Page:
This is one popular interview question. The problem: given an array which could contain zero, negative, and positive numbers, find the largest sum of contiguous sub-array. For example, if the array contains:

31, -41, 59, 26, -53, 58, 97, -93, -23, 84

then the largest sum is 187 taken from the [59 .. 97] block

My research points to Jon Bentley’s solution as the most efficient solution (see his book, “Programming Pearls”). In fact, Bentley was probably the person who started this thread. His solution has a complexity of O(n) which is very good, considering the brute force solution is of O(n^{3}). Here is a Python implementation of Bentley’s solution:

def largest(array):
maxSoFar = maxUpToHere = 0
for element in array:
maxUpToHere= max(maxUpToHere + element, 0)
maxSoFar = max(maxSoFar, maxUpToHere)
return maxSoFar

This solution is very efficient, short, and easy to remember. To understand it, I recommend reading his book, “Programming Pearls.”

After implementing this solution, I wrote some test cases to verify its correctness. Overall, the code works well, but it does not return the correct value for cases when the whole array contains only negative numbers. For example, consider this array:

-3, -1, -2

I expect to see -1 as the largest sum, but instead, I got 0. After studying the algorithm, I noticed that the problem comes from the line:

maxUpToHere= max(maxUpToHere + element, 0)

For negatives-only cases, maxUpToHere will be zero because it is the larger of the two. Instead of zero, the correct output in these cases should be the largest number in the array. I also noticed that negatives-only are the only cases which cause trouble, so we can add detection to the code and return the largest element instead of maxSoFar. Here is the patched code:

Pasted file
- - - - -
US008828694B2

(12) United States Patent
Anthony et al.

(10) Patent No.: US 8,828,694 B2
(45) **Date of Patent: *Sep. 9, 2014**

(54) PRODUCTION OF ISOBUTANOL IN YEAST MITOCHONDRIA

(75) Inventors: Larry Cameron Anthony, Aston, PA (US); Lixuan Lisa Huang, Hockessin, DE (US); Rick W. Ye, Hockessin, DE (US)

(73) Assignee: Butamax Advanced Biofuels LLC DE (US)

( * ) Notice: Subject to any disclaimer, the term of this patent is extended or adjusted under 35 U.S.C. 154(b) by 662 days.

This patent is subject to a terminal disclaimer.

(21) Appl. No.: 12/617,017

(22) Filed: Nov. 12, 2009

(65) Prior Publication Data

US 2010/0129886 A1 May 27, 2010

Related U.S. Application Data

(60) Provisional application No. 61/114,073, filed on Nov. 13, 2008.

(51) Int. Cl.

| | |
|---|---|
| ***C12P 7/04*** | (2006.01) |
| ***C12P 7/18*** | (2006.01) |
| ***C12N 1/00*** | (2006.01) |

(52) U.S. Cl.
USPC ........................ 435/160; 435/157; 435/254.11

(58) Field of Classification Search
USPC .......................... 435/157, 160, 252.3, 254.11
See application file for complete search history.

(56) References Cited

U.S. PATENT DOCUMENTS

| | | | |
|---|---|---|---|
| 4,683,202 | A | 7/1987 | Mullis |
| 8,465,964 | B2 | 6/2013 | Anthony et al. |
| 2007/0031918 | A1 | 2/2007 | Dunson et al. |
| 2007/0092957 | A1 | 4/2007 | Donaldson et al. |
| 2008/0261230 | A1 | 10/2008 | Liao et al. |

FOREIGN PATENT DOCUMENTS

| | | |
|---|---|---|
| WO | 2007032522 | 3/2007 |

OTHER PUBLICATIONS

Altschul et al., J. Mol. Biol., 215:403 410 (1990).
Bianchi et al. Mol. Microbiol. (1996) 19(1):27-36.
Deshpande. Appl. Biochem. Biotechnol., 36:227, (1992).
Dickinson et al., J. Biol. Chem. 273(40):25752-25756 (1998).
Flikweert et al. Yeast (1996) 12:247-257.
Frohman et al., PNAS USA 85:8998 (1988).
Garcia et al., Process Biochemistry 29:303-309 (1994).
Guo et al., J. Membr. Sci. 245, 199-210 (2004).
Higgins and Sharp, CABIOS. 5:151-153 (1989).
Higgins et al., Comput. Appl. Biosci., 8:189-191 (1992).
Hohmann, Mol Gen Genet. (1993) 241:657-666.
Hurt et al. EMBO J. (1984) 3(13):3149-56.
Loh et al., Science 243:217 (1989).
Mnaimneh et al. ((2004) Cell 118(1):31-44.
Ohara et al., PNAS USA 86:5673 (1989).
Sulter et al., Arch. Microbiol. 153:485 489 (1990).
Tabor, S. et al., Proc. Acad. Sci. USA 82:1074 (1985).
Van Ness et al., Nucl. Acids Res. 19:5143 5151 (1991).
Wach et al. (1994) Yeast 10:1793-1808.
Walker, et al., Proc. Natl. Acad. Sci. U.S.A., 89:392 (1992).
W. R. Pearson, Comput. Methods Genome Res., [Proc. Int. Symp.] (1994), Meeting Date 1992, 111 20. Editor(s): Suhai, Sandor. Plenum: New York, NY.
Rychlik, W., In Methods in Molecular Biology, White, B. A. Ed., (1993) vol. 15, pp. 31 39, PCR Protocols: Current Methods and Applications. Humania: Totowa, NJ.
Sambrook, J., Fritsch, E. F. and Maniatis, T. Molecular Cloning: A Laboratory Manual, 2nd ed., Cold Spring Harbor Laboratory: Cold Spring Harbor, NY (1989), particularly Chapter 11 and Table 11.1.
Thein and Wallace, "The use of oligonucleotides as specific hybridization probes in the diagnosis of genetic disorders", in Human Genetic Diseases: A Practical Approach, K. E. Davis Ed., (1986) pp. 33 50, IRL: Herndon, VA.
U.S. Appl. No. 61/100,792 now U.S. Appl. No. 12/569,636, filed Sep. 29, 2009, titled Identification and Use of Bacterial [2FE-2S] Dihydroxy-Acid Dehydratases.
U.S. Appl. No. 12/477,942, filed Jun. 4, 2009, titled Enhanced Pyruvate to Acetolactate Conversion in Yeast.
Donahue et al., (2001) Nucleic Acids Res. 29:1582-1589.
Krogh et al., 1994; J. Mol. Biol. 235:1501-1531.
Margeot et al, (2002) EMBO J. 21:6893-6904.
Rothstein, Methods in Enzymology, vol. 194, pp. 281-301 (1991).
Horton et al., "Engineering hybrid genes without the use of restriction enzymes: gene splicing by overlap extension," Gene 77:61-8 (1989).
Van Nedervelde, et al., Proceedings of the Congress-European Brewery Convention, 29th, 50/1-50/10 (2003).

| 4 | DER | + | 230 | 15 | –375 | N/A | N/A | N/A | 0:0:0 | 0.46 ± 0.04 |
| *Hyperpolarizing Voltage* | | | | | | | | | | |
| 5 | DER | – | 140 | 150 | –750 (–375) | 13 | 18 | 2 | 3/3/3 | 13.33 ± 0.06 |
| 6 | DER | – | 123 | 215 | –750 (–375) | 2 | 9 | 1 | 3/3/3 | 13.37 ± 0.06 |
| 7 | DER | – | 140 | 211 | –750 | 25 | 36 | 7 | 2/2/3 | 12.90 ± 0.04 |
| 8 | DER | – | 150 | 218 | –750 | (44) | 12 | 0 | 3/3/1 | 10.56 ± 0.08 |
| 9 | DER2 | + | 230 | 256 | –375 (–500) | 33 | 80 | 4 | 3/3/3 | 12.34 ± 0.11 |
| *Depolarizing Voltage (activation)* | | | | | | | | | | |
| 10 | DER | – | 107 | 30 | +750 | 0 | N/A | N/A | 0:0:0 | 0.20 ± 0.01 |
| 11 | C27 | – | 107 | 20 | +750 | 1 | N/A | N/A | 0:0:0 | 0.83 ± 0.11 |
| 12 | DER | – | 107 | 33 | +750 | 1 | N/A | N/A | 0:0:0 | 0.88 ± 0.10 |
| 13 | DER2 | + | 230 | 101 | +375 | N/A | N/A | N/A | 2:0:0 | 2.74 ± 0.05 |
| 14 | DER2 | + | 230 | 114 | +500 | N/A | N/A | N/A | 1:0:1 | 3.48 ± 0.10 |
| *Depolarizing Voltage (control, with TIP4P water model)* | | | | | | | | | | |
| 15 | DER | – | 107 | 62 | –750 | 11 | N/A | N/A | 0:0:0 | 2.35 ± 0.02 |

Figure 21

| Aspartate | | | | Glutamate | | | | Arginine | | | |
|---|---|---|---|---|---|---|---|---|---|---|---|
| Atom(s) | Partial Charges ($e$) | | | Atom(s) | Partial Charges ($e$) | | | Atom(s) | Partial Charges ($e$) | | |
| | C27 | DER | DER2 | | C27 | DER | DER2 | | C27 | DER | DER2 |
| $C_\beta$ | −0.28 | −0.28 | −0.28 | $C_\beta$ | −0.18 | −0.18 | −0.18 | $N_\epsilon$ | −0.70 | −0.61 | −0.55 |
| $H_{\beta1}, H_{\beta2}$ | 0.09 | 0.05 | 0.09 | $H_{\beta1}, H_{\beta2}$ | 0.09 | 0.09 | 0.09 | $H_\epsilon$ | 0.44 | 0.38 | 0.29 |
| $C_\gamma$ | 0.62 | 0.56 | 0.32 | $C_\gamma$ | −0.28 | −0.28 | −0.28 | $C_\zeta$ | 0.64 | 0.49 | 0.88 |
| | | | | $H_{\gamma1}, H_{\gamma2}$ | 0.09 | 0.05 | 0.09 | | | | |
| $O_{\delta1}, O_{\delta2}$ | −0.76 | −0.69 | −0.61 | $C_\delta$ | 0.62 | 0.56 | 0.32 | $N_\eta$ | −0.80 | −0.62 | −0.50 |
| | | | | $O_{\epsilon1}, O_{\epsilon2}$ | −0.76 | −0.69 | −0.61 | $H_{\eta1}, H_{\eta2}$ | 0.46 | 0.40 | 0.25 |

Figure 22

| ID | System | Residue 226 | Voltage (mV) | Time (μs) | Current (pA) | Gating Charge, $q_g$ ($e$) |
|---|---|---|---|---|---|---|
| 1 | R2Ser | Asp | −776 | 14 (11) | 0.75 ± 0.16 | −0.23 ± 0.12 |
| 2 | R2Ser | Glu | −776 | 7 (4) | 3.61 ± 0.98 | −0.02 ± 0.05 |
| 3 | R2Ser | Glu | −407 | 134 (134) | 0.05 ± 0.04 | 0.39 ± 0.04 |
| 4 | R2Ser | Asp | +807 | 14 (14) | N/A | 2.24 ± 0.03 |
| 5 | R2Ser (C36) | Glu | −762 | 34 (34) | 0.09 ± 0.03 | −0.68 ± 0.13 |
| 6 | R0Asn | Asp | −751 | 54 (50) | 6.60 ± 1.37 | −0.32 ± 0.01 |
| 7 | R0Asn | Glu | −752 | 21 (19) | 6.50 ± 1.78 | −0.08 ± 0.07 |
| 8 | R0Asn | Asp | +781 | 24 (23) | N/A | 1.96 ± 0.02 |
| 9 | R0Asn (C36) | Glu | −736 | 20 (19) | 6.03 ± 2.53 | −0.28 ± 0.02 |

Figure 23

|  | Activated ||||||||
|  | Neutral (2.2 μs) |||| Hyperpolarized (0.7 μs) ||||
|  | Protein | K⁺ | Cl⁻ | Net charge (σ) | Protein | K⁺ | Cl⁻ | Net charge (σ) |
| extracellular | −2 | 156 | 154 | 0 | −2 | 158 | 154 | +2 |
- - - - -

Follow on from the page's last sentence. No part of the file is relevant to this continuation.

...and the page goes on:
# This is based on Bentley’s Programming Pearls
# My (Hai Vu’s) modification: if the array is all negatives
# then max is the largest element
def largest(array):
maxSoFar = maxUpToHere = 0
largestElement = array[0]
allNegatives = True
for element in array:
maxUpToHere= max(maxUpToHere + element, 0)
maxSoFar = max(maxSoFar, maxUpToHere)
largestElement = max(largestElement, element)
if element >= 0:
allNegatives = False
if allNegatives:
return largestElement
return maxSoFar

The patched code works well for all cases. However, if you have a better solution, I would like to learn about it. My python program is available for download: largestsumpy.pdf

### Like this:

Like Loading...

*Related*

AbhiThis is great catch. Thanks for the patch. God bless Bentley

hp7500In C#.net (with finding the first and last elements of the array)

int[] i = {31, -41, 59, 26, -53, 58, 97, -93, -23, 84};

int maxSoFar = 0;

int maxUpToHere = 0;

int itr = 0;

int startIndex = 0;

int endIndex = 0;

int countStart = -1;

foreach (int n in i)

{

//maxUpToHere = (maxUpToHere + n > 0 ? maxUpToHere + n : 0);

//maxSoFar = (maxSoFar > maxUpToHere ? maxSoFar : maxUpToHere);

if ((maxUpToHere + n) > 0)

{

maxUpToHere += n;

countStart++;

}

else

{

maxUpToHere = 0;

countStart = -1;

}

if (countStart == 0)

{

startIndex = itr;

}

if (maxSoFar < maxUpToHere)

{

maxSoFar = maxUpToHere;

endIndex = itr;

}

itr++;

}

this.richTextBox1.Text = “Max so far: ” + maxSoFar.ToString() + “\nStartIndex: ” + startIndex.ToString()+”\nEndIndex: “+ endIndex.ToString() ;

recursiveWhy is a zero length sub-array not considered a sub-array?

wuhrrPost authorDear recursive,

If we take zero-length sub-array, then Bentley’s original solution is correct, even for negative-only cases.

sadint FindMaxSumSubArray(int* data, int length)

{

int max = 0;

int sum = 0;

for(int i=length-1; i>=0; i–)

{

sum += data[i];

if(sum max)

{

max = sum;

}

}

// all negative

if(max == 0)

{

max = data[0];

for(int i=1; i max) max = data[i];

}

}

return max;

}

amateurcoder#include

#include

//Program to print the largest subarray sum and the indexes of the subarray